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Bryan Berard and What could have been

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11-13-2012, 04:54 PM
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sailorjerry96
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Bryan Berard and What could have been

He had 323 points in 619 games. Won the calder trophy as rookie of the year in 97' and still got 47 points in 58 games 3 years after his eye injury. Didn't really watch his last few years in Columbus but what happened to this guy? Even in his years with Columbus he posted 32 points in 44 games and with the NYI posted 22 points in 55 games.

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11-13-2012, 04:57 PM
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In early 2006, it was revealed that he had tested positive for an anabolic steroid known as 19-norandrosterone, in a drug test he had taken in November 2005. He was the first NHL player to ever test positive for steroids.[3] The NHL did not hand down any form of suspension to Berard, as they did not administer the test, but he was banned from international play for two years effective January 3, 2006.(dead link) Berard said after the incident, "I made a mistake that resulted in a suspension and, while unintentional, I take full responsibility. I became aware of this problem after the fact, and for that I am disappointed in myself."

Bryan Berard accepted an invitation to attend training camp for the 2007–08 season with the New York Islanders. Berard performed well enough to earn a one-year contract with the Islanders at the conclusion of training camp.[4] In his first game back with the first NHL team he ever played for, Berard scored the game-winning goal against another of his former teams, the rival New York Rangers in a 2–1 Islander victory.

Prior to the start of the 2008–09 NHL season, Berard was invited to training camp with the Philadelphia Flyers. He was not offered a contract despite tallying 2 assists in Philadelphia's final game in Wachovia Spectrum. Berard signed on November 16, 2008 with Vityaz Chekhov of the Kontinental Hockey League (KHL). He scored 17 points in 25 games played.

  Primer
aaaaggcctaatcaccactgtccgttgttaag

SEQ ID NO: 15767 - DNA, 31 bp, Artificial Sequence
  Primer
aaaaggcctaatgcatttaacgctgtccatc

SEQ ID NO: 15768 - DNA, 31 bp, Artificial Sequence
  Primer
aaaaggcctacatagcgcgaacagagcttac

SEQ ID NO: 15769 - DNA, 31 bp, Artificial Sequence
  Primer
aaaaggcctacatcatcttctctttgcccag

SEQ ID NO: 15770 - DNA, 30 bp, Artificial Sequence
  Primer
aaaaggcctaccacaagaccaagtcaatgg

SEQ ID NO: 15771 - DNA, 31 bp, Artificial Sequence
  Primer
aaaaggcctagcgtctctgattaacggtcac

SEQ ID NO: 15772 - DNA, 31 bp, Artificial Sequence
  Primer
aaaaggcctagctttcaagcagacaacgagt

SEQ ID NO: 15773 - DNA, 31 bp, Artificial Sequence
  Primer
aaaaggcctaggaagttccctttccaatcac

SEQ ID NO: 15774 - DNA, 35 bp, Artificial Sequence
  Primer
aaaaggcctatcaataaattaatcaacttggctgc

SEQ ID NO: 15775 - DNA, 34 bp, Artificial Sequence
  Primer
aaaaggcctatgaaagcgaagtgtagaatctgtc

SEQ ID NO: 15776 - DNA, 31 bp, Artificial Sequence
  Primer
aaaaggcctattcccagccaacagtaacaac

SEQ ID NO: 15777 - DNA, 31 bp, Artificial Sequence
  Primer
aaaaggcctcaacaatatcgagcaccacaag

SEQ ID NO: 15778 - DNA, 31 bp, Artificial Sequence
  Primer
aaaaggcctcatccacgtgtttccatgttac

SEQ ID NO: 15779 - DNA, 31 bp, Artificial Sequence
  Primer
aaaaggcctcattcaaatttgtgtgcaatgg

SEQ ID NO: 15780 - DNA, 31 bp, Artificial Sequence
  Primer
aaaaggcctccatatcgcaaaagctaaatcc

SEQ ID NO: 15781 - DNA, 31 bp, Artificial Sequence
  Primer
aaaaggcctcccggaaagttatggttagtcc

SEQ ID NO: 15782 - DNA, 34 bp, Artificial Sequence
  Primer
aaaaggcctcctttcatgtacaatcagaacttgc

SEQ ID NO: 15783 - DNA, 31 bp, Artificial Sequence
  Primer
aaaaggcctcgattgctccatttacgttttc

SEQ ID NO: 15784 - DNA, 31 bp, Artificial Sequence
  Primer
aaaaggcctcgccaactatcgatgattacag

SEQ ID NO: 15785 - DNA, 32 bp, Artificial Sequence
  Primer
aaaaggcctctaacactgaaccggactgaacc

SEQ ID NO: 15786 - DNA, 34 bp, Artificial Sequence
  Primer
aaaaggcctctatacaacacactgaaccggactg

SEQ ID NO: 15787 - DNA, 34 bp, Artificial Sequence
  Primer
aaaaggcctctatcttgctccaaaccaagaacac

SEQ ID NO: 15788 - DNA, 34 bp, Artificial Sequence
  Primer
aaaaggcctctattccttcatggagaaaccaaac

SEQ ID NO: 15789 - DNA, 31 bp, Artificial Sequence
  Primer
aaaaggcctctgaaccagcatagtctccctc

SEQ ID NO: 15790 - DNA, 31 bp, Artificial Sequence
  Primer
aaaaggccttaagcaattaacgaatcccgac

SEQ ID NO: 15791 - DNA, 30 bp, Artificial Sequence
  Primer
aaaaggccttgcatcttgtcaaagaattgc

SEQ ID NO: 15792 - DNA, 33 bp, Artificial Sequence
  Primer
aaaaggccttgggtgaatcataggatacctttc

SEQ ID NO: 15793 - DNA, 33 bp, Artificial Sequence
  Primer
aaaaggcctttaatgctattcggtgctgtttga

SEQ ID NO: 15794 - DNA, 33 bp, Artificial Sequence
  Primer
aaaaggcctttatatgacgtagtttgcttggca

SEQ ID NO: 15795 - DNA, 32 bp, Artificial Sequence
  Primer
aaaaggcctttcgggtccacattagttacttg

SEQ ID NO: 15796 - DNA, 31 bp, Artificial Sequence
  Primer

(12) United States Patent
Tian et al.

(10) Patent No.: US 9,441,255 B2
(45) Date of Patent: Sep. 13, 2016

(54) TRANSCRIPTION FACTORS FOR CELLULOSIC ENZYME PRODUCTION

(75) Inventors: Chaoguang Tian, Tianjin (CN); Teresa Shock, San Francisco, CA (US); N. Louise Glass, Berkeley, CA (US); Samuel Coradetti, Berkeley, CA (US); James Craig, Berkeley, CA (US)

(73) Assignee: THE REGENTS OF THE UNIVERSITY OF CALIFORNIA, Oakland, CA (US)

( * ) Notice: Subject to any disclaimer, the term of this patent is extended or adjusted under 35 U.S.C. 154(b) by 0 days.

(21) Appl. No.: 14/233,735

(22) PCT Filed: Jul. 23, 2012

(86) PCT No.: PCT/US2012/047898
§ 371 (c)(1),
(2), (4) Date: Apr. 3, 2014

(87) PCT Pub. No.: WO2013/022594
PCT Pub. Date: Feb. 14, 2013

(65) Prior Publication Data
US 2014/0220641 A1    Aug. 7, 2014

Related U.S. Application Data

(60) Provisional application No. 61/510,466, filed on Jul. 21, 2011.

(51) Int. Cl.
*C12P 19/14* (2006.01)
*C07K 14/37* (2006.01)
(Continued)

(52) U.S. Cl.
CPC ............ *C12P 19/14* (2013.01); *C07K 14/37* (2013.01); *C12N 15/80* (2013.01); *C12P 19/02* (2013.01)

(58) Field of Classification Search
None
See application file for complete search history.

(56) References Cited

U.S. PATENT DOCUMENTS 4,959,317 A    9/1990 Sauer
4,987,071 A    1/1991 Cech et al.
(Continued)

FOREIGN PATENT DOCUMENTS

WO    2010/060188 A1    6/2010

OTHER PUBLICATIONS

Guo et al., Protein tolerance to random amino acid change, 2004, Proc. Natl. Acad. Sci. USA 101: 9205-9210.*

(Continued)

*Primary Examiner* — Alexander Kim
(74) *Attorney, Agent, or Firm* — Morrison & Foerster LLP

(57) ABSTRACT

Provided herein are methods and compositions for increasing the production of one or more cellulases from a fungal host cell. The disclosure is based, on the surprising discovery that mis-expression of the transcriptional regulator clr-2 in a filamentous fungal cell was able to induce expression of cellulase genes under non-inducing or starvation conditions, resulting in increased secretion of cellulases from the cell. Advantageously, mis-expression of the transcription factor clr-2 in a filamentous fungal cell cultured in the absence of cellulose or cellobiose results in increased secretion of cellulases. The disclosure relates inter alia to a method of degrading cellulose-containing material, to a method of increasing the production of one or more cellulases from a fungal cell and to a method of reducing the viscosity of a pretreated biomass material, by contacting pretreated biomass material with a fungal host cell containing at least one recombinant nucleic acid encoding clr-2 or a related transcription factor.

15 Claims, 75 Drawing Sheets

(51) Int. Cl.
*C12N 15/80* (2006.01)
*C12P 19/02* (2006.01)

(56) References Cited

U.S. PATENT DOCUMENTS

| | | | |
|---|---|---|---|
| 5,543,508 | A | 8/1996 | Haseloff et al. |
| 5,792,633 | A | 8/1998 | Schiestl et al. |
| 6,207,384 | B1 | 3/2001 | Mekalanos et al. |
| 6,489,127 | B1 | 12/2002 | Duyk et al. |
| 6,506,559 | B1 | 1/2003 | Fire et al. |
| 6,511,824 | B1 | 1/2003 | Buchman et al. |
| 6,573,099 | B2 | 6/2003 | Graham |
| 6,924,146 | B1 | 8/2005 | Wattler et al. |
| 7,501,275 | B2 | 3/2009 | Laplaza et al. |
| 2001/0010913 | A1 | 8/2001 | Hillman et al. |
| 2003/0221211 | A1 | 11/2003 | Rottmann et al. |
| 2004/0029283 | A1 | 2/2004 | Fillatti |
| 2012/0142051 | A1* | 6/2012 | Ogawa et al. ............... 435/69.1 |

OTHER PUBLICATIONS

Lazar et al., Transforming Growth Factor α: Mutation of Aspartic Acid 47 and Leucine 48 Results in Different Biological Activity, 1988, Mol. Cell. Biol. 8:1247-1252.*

Berard retired after the 2008–09 season. He lives in Lincoln, Rhode Island. He appeared in 2011 on the Battle of the Blades CBC television program.
Here ya go.

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11-13-2012, 04:58 PM
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sailorjerry96
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Even if he did test positive for steroids, i mean he could still be an effective player on some teams. Certainly better than a few defensemen around the league

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11-13-2012, 05:00 PM
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He wasn't good defensively when he had two eyes, and losing one didn't help that at all.

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11-13-2012, 05:02 PM
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^ I'm just speculating here, but it would make sense if he was taking steriods to heal up his back which he injured multiple times and had to have surgery.

He had a few chances at teams, but obviously couldn't stay healthy enough, went to the KHL and then hung them up.

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11-13-2012, 07:29 PM
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Would have been an offensive juggernaut.

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11-13-2012, 08:36 PM
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Alain Racette
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Originally Posted by Stansfield View Post
He wasn't good defensively when he had two eyes, and losing one didn't help that at all.
The fact that he even attempted an NHL comeback is admirable, so props to him for trying. He did quite well, all things considered. I definitely didn't see that one coming...

... on second thought, maybe Berard as well.

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11-13-2012, 08:55 PM